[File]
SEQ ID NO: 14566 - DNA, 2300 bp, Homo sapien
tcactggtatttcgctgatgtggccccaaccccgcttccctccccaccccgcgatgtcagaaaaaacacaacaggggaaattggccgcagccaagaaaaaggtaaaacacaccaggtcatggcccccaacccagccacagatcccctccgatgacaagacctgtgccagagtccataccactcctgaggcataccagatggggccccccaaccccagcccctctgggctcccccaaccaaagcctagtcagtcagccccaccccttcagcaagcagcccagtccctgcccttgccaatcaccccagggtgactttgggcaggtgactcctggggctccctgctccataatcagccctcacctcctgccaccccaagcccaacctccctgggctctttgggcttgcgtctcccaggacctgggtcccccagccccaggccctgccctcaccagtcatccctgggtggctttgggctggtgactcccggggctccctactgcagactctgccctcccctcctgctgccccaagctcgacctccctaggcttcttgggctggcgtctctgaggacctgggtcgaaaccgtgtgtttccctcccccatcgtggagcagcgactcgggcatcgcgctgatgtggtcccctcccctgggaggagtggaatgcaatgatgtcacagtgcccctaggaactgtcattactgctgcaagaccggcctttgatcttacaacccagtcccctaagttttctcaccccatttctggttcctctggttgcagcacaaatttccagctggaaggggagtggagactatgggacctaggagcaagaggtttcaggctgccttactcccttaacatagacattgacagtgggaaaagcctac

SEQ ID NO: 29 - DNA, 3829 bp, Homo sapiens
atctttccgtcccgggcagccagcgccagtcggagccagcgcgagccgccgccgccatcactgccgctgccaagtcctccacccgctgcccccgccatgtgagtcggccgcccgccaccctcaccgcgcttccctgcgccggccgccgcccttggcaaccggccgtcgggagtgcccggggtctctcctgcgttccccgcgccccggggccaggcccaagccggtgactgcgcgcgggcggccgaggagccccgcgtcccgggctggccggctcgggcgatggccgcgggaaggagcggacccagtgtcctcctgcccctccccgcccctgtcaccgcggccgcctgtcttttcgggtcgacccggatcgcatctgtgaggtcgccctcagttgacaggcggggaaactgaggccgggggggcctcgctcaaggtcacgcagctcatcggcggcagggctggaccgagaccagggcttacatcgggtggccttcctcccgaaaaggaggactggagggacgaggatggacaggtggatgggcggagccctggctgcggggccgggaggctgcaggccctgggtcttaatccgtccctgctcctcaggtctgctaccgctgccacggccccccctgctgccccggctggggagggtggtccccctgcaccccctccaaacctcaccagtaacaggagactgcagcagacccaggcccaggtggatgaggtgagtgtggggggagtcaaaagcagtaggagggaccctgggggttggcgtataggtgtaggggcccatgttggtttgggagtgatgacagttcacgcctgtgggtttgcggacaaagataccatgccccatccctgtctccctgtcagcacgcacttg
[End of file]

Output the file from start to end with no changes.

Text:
SEQ ID NO: 14566 - DNA, 2300 bp, Homo sapien
tcactggtatttcgctgatgtggccccaaccccgcttccctccccaccccgcgatgtcagaaaaaacacaacaggggaaattggccgcagccaagaaaaaggtaaaacacaccaggtcatggcccccaacccagccacagatcccctccgatgacaagacctgtgccagagtccataccactcctgaggcataccagatggggccccccaaccccagcccctctgggctcccccaaccaaagcctagtcagtcagccccaccccttcagcaagcagcccagtccctgcccttgccaatcaccccagggtgactttgggcaggtgactcctggggctccctgctccataatcagccctcacctcctgccaccccaagcccaacctccctgggctctttgggcttgcgtctcccaggacctgggtcccccagccccaggccctgccctcaccagtcatccctgggtggctttgggctggtgactcccggggctccctactgcagactctgccctcccctcctgctgccccaagctcgacctccctaggcttcttgggctggcgtctctgaggacctgggtcgaaaccgtgtgtttccctcccccatcgtggagcagcgactcgggcatcgcgctgatgtggtcccctcccctgggaggagtggaatgcaatgatgtcacagtgcccctaggaactgtcattactgctgcaagaccggcctttgatcttacaacccagtcccctaagttttctcaccccatttctggttcctctggttgcagcacaaatttccagctggaaggggagtggagactatgggacctaggagcaagaggtttcaggctgccttactcccttaacatagacattgacagtgggaaaagcctac

SEQ ID NO: 29 - DNA, 3829 bp, Homo sapiens
atctttccgtcccgggcagccagcgccagtcggagccagcgcgagccgccgccgccatcactgccgctgccaagtcctccacccgctgcccccgccatgtgagtcggccgcccgccaccctcaccgcgcttccctgcgccggccgccgcccttggcaaccggccgtcgggagtgcccggggtctctcctgcgttccccgcgccccggggccaggcccaagccggtgactgcgcgcgggcggccgaggagccccgcgtcccgggctggccggctcgggcgatggccgcgggaaggagcggacccagtgtcctcctgcccctccccgcccctgtcaccgcggccgcctgtcttttcgggtcgacccggatcgcatctgtgaggtcgccctcagttgacaggcggggaaactgaggccgggggggcctcgctcaaggtcacgcagctcatcggcggcagggctggaccgagaccagggcttacatcgggtggccttcctcccgaaaaggaggactggagggacgaggatggacaggtggatgggcggagccctggctgcggggccgggaggctgcaggccctgggtcttaatccgtccctgctcctcaggtctgctaccgctgccacggccccccctgctgccccggctggggagggtggtccccctgcaccccctccaaacctcaccagtaacaggagactgcagcagacccaggcccaggtggatgaggtgagtgtggggggagtcaaaagcagtaggagggaccctgggggttggcgtataggtgtaggggcccatgttggtttgggagtgatgacagttcacgcctgtgggtttgcggacaaagataccatgccccatccctgtctccctgtcagcacgcacttg